As lawmakers continue to meet in state capitols around the country, HRC is tracking more than 115 anti-LGBTQ bills in 30 states.* The states are: Alabama, Arkansas, Arizona, Colorado, Florida, Georgia, Hawaii, Iowa, Illinois, Indiana, Kansas, Kentucky, Minnesota, Missouri, Mississippi, Montana, North Carolina, New York, Ohio, Oklahoma, Pennsylvania, South Carolina, South Dakota, Tennessee, Texas, Utah, Virginia, Washington, West Virginia and Wyoming.
Here are a few states and pieces of legislation to keep a close eye on in the coming weeks:
Alabama House moved forward HB 24, a bill that would allow state-licensed and funded child-placing agencies to disregard the best interest of children and turn away qualified Alabamians seeking to care for a child in need — including LGBTQ couples, interfaith couples, single parents, married couples in which one prospective parent has previously been divorced, or other parents to whom the agency has a religious objection. The measure would even allow agencies to refuse to place foster children with members of their own extended families — a practice often considered to be in the best interest of the child. A qualified, loving LGBTQ grandparent, for example, could be deemed unsuitable under the proposed law. The Alabama legislature is on break now until the first of April.
After introducing a slew of anti-LGBTQ bills on the last day of bill filing, Arkansas lawmakers continued last week to go after LGBTQ people. On Wednesday, a senate judiciary committee held a hearing around SB 774, an anti-trans bill reminiscent of provisions of HB2 that would restrict the use of restroom and locker room facilities in public buildings to a single sex, defined as “a person’s immutable biological sex as objectively determined by anatomy and genetics existing at the time of birth.” And on Friday, HB 1986 passed out of the House. This piece of anti-trans legislation could effectively make it criminal for a transgender person to access a sex-segregated space consistent with their gender identity. Meanwhile, both HB1894 and HB1628 failed in committee.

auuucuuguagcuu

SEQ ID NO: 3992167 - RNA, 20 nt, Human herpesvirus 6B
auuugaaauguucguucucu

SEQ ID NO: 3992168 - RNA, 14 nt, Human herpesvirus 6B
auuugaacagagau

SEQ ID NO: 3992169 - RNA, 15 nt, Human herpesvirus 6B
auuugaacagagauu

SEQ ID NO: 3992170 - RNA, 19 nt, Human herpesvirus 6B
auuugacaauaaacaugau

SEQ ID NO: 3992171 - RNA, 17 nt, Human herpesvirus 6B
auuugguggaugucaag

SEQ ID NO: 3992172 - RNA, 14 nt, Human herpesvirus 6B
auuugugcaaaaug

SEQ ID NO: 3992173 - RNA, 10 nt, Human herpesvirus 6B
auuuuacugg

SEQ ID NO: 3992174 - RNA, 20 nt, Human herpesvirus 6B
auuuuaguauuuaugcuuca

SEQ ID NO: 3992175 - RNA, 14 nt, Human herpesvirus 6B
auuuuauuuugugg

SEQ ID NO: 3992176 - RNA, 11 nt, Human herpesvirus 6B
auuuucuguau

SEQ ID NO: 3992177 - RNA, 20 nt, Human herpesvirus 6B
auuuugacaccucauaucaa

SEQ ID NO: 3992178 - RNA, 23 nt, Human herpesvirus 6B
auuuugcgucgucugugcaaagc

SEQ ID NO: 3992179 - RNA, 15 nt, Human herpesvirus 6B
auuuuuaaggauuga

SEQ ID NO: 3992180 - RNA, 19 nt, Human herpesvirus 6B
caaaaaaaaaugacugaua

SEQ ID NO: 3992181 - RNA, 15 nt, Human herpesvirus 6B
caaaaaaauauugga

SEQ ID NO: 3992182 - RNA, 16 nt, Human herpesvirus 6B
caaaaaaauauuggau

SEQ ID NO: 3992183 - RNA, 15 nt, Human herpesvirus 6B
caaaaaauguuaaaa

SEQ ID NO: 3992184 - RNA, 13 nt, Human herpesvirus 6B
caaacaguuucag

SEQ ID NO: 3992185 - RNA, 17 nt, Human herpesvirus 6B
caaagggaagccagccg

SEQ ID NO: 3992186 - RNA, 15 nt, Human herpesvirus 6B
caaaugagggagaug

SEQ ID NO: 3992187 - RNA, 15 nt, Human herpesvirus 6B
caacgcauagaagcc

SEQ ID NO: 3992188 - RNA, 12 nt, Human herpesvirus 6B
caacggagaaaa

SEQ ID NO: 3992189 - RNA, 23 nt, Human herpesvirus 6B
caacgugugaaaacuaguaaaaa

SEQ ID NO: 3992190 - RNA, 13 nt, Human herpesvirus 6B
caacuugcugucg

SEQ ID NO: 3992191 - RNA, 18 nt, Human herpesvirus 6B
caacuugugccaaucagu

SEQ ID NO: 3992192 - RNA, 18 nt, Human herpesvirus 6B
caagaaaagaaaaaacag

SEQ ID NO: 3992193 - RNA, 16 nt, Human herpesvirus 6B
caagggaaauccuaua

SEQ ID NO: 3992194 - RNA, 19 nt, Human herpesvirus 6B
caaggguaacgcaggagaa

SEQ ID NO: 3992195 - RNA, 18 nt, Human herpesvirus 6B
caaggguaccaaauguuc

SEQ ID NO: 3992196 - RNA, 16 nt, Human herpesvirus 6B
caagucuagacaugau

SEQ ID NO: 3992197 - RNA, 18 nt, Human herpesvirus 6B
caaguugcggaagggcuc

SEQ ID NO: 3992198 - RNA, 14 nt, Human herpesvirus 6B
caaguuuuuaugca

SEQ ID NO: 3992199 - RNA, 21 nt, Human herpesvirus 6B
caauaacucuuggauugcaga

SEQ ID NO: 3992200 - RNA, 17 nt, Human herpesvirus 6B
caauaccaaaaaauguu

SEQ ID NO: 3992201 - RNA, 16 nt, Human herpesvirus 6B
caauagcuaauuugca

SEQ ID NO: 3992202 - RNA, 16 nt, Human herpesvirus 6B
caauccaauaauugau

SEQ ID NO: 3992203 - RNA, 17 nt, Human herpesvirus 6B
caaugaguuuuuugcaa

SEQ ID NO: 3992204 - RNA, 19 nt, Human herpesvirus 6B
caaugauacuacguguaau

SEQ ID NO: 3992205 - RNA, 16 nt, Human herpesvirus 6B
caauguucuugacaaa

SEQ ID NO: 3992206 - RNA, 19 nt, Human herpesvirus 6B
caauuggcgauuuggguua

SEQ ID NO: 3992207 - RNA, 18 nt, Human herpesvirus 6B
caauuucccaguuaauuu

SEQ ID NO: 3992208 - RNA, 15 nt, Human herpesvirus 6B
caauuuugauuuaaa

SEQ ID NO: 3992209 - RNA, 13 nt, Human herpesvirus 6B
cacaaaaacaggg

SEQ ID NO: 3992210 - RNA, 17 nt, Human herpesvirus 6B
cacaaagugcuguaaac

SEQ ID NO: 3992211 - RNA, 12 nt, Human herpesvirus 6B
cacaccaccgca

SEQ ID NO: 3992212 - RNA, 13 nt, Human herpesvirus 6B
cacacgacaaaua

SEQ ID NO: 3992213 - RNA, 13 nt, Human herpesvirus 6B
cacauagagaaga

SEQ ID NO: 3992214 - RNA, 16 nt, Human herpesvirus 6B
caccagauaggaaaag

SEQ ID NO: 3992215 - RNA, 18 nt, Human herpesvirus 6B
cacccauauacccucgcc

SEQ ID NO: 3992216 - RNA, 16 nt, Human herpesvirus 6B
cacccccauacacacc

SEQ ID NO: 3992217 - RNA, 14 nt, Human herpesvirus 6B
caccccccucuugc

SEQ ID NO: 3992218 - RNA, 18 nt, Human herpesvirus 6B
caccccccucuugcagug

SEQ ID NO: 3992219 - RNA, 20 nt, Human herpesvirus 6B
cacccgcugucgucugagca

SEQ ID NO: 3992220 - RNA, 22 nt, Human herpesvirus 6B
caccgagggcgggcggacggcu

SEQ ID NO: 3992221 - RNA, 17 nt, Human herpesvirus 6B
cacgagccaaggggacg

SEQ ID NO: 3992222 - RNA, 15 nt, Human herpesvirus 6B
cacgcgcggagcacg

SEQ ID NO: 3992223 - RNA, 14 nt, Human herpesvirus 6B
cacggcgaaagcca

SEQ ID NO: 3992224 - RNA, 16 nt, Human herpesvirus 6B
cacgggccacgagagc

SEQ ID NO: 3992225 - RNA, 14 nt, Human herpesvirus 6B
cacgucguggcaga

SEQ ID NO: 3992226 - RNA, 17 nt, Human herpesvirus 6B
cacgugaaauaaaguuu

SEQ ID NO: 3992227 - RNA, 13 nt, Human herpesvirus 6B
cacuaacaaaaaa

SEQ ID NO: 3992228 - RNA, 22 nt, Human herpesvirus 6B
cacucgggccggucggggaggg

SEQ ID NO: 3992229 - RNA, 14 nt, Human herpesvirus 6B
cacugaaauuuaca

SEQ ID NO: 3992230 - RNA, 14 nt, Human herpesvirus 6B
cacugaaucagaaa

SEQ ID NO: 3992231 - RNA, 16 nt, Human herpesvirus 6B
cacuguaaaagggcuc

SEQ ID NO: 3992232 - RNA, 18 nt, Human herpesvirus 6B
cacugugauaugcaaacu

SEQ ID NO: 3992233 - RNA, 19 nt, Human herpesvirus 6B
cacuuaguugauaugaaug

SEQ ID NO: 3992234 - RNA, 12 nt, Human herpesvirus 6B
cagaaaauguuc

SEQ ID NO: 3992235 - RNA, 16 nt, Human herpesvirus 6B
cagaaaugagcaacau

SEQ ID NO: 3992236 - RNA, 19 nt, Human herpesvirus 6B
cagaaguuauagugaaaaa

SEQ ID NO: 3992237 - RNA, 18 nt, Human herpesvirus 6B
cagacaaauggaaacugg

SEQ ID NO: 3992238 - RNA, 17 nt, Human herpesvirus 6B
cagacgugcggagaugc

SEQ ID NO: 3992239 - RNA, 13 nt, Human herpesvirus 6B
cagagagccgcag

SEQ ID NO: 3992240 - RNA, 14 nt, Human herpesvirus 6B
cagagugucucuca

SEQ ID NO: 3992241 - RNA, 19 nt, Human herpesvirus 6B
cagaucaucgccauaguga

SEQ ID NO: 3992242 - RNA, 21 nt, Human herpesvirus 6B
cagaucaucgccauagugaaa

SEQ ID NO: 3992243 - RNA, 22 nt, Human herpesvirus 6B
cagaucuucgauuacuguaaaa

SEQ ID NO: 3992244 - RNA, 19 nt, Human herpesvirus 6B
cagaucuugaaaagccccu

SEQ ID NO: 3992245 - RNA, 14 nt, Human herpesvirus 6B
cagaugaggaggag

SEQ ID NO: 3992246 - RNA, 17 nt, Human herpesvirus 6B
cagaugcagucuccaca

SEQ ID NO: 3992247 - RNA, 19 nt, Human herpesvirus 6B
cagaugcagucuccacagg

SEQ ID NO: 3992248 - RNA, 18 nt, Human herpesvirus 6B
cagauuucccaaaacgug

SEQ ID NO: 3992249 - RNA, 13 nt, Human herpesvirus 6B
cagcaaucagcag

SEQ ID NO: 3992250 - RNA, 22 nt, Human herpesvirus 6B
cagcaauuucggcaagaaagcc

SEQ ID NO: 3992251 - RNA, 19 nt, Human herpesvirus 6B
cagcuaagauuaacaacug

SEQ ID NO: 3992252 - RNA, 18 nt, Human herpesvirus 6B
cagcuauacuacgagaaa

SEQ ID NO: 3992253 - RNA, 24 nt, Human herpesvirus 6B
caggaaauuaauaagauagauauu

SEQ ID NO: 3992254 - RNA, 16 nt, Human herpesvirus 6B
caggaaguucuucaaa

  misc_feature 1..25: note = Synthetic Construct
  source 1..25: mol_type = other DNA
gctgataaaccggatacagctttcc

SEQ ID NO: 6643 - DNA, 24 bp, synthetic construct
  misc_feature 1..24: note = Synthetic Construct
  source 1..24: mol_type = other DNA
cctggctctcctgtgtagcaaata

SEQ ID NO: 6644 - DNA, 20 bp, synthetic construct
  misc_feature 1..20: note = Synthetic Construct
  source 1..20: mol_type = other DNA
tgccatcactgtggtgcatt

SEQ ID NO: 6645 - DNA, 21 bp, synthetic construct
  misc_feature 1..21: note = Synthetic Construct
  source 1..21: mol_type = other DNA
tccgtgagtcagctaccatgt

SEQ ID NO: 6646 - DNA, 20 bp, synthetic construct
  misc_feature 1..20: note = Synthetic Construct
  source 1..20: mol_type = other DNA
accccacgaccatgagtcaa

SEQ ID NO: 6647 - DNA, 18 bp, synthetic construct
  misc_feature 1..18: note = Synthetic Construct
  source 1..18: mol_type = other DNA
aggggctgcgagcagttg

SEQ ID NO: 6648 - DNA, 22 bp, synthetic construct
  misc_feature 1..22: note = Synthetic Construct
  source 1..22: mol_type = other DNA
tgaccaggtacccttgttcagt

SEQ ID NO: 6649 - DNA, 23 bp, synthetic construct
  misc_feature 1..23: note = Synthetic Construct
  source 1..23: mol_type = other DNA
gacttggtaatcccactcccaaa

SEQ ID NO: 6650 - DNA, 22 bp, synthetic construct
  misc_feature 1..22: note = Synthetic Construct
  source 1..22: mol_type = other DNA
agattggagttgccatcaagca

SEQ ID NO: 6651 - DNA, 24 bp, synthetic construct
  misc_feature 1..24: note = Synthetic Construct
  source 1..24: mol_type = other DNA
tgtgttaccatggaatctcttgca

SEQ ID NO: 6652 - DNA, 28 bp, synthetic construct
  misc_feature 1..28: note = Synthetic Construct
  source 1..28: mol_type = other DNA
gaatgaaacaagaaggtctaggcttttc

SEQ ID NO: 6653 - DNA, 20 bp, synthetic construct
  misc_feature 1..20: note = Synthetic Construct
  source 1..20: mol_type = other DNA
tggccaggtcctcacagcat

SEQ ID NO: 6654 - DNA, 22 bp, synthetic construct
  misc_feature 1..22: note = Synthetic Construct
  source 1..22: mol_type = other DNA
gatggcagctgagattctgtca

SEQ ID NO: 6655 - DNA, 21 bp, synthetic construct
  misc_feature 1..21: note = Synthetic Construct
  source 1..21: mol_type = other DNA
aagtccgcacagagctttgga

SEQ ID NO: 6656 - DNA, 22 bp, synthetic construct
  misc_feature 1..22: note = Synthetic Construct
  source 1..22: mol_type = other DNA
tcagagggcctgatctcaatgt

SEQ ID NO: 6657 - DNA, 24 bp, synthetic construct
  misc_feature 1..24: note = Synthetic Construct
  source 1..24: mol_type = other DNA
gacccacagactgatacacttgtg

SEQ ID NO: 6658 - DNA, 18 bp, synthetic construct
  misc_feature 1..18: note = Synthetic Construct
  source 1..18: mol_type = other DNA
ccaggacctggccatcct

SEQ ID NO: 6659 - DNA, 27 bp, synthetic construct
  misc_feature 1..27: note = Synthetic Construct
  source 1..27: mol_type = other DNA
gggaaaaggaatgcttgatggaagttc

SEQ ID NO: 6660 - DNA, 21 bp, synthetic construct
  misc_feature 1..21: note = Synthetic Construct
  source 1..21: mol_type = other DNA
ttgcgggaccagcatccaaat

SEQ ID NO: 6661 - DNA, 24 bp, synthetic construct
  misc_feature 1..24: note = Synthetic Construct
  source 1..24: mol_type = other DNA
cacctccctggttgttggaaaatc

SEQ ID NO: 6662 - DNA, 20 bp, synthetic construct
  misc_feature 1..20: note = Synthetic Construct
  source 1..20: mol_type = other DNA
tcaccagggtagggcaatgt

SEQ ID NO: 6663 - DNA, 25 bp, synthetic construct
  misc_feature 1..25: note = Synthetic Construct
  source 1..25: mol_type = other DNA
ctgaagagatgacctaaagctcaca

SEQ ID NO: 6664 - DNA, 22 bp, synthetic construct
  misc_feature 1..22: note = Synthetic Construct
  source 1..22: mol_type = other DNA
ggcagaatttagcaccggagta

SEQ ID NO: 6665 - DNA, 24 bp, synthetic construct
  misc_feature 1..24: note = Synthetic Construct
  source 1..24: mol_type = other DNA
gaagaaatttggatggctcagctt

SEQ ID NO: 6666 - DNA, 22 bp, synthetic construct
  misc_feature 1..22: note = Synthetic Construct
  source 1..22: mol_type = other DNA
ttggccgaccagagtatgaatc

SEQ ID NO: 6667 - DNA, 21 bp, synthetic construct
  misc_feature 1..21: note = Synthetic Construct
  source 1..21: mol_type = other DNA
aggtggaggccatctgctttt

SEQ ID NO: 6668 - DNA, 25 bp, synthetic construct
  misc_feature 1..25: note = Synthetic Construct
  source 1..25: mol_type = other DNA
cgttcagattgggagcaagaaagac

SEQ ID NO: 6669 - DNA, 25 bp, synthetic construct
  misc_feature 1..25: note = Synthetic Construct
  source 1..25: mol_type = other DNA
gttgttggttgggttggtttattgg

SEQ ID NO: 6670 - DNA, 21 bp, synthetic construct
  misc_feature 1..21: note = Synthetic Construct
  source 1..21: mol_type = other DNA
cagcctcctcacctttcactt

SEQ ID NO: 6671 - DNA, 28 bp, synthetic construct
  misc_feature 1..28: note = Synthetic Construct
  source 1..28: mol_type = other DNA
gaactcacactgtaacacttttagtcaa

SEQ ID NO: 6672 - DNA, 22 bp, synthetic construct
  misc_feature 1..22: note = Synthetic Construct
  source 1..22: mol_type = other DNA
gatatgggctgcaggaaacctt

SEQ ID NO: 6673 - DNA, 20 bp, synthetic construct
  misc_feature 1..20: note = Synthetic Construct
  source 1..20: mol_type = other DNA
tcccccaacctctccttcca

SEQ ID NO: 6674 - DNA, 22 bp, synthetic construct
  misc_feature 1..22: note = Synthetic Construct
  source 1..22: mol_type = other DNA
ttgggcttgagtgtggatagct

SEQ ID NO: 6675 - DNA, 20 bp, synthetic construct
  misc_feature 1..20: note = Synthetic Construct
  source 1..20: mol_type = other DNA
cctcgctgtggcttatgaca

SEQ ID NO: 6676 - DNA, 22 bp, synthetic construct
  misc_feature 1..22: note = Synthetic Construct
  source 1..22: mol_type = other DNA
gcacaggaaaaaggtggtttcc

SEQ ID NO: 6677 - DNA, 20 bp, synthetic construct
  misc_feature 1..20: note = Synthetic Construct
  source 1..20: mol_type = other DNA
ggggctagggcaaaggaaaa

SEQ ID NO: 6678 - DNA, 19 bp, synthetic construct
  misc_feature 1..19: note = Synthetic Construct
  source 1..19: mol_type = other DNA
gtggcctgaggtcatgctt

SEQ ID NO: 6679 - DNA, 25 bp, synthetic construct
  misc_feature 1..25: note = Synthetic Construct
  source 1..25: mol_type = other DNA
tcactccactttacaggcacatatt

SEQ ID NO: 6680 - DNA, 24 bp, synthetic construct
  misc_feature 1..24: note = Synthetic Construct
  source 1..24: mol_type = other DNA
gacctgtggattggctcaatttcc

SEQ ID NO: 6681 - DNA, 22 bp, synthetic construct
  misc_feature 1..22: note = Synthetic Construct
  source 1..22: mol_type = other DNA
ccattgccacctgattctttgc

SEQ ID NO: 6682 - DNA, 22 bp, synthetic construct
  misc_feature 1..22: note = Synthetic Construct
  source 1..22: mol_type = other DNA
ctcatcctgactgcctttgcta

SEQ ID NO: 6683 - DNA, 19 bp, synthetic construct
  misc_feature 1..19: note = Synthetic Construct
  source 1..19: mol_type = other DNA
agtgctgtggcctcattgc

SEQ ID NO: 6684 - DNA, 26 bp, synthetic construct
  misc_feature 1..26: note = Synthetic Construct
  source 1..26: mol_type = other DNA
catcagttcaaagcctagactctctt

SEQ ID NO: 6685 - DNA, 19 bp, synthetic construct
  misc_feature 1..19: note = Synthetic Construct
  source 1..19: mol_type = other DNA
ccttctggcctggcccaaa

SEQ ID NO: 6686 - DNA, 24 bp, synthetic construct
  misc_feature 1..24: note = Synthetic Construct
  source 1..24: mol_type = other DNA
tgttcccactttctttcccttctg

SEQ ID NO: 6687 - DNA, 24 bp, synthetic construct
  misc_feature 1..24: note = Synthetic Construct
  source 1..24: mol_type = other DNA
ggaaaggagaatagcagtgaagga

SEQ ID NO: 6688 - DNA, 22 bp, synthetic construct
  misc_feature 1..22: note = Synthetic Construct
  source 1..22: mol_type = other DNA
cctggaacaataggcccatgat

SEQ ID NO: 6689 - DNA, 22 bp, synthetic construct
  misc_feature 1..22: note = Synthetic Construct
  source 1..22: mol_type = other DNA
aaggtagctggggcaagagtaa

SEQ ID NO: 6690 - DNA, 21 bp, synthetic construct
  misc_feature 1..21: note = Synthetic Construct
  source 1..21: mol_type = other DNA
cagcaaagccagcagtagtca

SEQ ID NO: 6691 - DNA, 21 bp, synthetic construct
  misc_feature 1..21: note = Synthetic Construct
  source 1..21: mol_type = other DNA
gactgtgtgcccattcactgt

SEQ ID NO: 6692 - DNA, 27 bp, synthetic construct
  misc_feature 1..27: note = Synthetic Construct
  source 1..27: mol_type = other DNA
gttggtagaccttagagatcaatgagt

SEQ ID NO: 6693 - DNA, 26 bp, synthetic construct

On Friday, Governor Bivens signed SB 17 into law, making it the second anti-LGBTQ bill to be enacted in the 2017 legislative session. This legislation will allow student groups at public high schools, colleges and universities to discriminate against LGBTQ students and use public funds to do so.
Last week, the New Mexico legislature passed a bill banning so-called “conversion therapy” for minors. After clearing the Senate last month, the bill, SB 121, passed through the House by a vote of 44-23 and will now head to the governor’s desk.
Even with the NCAA Men’s and Women’s Basketball Championships underway, the North Carolina legislature continues their inertia in addressing HB2. With the start of the tournament last week, HRC and Equality North Carolina came together with students from multiple universities and colleges in Greensboro to call attention to the fact that games that would have been played in Greensboro were moved to Greenville, SC, due to HB2. And mid-week, the NCAA responded to a public letter from 80 organizations with a strong affirmation of their commitment to only consider tournament cities that have inclusive protections.
Tennessee continues to have one of the busiest legislative sessions, with lawmakers considering 17 anti-LGBTQ bills, many of which are moving quickly through committees. Bills include:
- HB 888, a bill that would deny transgender students access to the correct bathrooms and locker rooms at both K-12 and public universities in Tennessee. It was deferred yesterday to next week’s calendar of the Education Administration & Planning subcommittee.
- Today, SB 771, the companion anti-transgender bathroom and locker room bill, was heard in the Senate Education Committee. The bill failed in the Senate Education committee; failing to receive a motion to be heard. The House companion, HB 888, will be heard next week.
- HB 892, known as the “TN Natural Marriage Defense Act,” a bill that seeks to defy the Supreme Court of the United States ruling in Obergefell v. Hodges, was been rolled to next week’s Civil Justice Subcommittee calendar.
- HB 54 known as the “Business License to Discriminate bill,” is awaiting consideration in the House State Government Subcommittee. The senate companion, SB 127 has already passed through the senate.
Last week, with a 21-10 vote, the Texas Senate approved SB 6, the anti-trans legislation moving in the state. All republicans and one democrat supported the bill. The vote came after more than four hours of debate in front of a packed Senate Chamber. The bill now moves to the House where it’s path is much more uncertain. Already this week, nearly a thousand activists from across the state gathered Monday in Austin for All In For Equality advocacy day to oppose SB6 and the 16 other anti-LGBTQ bills in the Lone Star State.
Add your voice to theirs by opposing anti-LGBTQ legislation in the Lone Star State through our Virtual Lobby Day.
Before adjourning sine die early last week, the Utah Senate gave final approval to HB 369, a bill that enhances penalties for HIV and Hepatitis B and C nondisclosure. The bill currently awaits action by Governor Gary Herbert.
HRC is calling on our members and supporters to pledge to oppose any discriminatory legislation. Take action today.
*Note – HRC and other organizations use different criteria for labeling bills as anti-LGBTQ, therefore numbers may not align across organizations.